In all fairness I posted this before I started your podcast.
I'm so glad you guys loved it as much as I did. I'm a big Road Warrior fan, but everything seemed to indicate that this would be a costly misfire. After years of development hell, I was expecting an interesting disappointment at best. Everything about this movie just feels so confident. I'm still buzzing a week later. It might be one of those rare time I make a second trip to the theatre.
There could also be room for a night between Max's capture and Furiosa driving out.
Christien, I just listened to this, and I wanted to reassure (or warn?) you that you are not the only one whose mind went straight to NKOTB at the mention of "Step one."
My local art-house-y cinema, the Electric in Birmingham (the UK's oldest working cinema, they say, at 100+ years) serves La Fee absinthe in a traditional fountain. It's rather much diluted with water for my tastes, but it is an aniseed amusement while you're waiting for the film to start.
On the timeline of movies, Immortan Joe is actually the same actor as the Toecutter, so it takes place approximately 40 years after Mad Max. Max is eternal.
If you have the opportunity to see the black & chrome version in theaters, take it. In my opinion, Fury Road is the best action movie ever made, and the black & white (or chrome, as it were) version is even better.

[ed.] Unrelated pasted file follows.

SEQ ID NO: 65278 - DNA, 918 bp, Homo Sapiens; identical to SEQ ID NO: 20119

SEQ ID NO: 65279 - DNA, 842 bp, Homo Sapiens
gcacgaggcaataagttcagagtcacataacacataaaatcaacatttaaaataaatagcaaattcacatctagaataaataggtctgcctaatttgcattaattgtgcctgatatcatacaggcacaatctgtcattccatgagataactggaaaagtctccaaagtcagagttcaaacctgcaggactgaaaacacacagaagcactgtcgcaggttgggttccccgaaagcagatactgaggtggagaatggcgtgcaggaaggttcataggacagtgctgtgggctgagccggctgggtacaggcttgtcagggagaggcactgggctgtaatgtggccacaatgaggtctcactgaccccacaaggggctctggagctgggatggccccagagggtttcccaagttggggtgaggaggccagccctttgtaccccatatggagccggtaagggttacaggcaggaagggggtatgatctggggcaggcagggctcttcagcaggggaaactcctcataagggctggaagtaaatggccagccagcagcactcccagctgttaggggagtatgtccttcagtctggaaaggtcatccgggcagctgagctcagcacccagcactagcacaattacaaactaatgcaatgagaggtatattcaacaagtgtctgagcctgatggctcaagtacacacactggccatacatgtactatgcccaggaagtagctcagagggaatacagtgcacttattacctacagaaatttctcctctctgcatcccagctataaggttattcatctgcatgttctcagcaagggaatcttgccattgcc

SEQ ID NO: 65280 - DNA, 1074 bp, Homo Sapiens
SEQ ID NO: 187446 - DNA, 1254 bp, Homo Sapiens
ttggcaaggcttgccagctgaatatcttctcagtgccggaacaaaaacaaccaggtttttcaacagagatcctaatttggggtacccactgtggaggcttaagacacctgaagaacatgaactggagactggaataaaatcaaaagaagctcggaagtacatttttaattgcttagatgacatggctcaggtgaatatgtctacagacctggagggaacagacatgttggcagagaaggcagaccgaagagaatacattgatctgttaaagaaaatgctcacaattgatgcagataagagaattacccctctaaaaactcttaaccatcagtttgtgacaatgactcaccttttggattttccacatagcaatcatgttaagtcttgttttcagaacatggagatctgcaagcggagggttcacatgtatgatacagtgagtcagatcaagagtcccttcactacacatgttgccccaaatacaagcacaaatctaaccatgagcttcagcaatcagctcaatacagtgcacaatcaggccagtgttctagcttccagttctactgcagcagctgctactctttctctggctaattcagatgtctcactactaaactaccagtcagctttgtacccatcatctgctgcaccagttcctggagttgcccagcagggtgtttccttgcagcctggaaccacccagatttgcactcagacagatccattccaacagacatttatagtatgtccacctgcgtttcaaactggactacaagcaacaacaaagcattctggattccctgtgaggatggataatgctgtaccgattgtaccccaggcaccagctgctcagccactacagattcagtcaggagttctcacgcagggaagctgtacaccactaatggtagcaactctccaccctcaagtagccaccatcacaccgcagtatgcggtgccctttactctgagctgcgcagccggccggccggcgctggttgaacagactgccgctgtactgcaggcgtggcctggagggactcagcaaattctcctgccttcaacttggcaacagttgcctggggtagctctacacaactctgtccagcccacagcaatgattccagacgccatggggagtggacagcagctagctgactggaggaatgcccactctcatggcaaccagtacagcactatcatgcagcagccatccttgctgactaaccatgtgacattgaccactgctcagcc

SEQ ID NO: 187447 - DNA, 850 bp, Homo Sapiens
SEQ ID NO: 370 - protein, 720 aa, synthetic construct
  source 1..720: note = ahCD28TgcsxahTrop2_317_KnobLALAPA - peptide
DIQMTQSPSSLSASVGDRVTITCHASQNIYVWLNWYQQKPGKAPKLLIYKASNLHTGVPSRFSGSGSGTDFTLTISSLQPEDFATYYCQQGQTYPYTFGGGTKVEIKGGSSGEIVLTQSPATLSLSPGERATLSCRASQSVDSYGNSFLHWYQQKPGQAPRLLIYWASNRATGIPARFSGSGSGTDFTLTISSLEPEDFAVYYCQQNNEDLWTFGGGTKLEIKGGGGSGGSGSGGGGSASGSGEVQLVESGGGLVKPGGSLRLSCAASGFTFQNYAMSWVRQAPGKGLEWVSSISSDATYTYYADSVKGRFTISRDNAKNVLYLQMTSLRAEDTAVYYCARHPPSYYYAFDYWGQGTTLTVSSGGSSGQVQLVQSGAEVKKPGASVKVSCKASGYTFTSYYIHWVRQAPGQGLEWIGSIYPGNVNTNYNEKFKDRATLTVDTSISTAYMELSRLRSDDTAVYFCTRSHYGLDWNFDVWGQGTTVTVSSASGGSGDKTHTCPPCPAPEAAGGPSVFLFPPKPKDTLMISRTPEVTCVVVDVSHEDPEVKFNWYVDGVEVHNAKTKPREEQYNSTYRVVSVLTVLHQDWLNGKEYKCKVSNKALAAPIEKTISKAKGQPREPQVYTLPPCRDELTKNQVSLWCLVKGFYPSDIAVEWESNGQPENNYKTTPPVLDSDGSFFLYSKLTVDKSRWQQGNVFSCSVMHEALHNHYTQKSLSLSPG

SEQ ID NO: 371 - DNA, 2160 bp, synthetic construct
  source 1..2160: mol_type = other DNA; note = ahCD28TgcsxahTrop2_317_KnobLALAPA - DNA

There’s so much detail, from the warts/tumors on Immortan Joe’s back to the skull on the steering wheel, that is heightened to a level of beauty, it becomes something truly special.
I don’t think we’ll be seeing a sequel. :(
“Simply put, we are owed substantial earnings for diligent and painstaking work which spanned over 10 years in development of the script and preparation and three years in production of the movie. That hard work resulted in a picture which found wide acclaim globally. We would much prefer to be making movies with Warner Bros than litigating with them but, after trying for over a year, we were unable to reach a satisfactory resolution and have now had to resort to a law suit to sort things out.”
Warner Bros responded with a short statement saying: “We disagree and will vigorously defend against these claims.”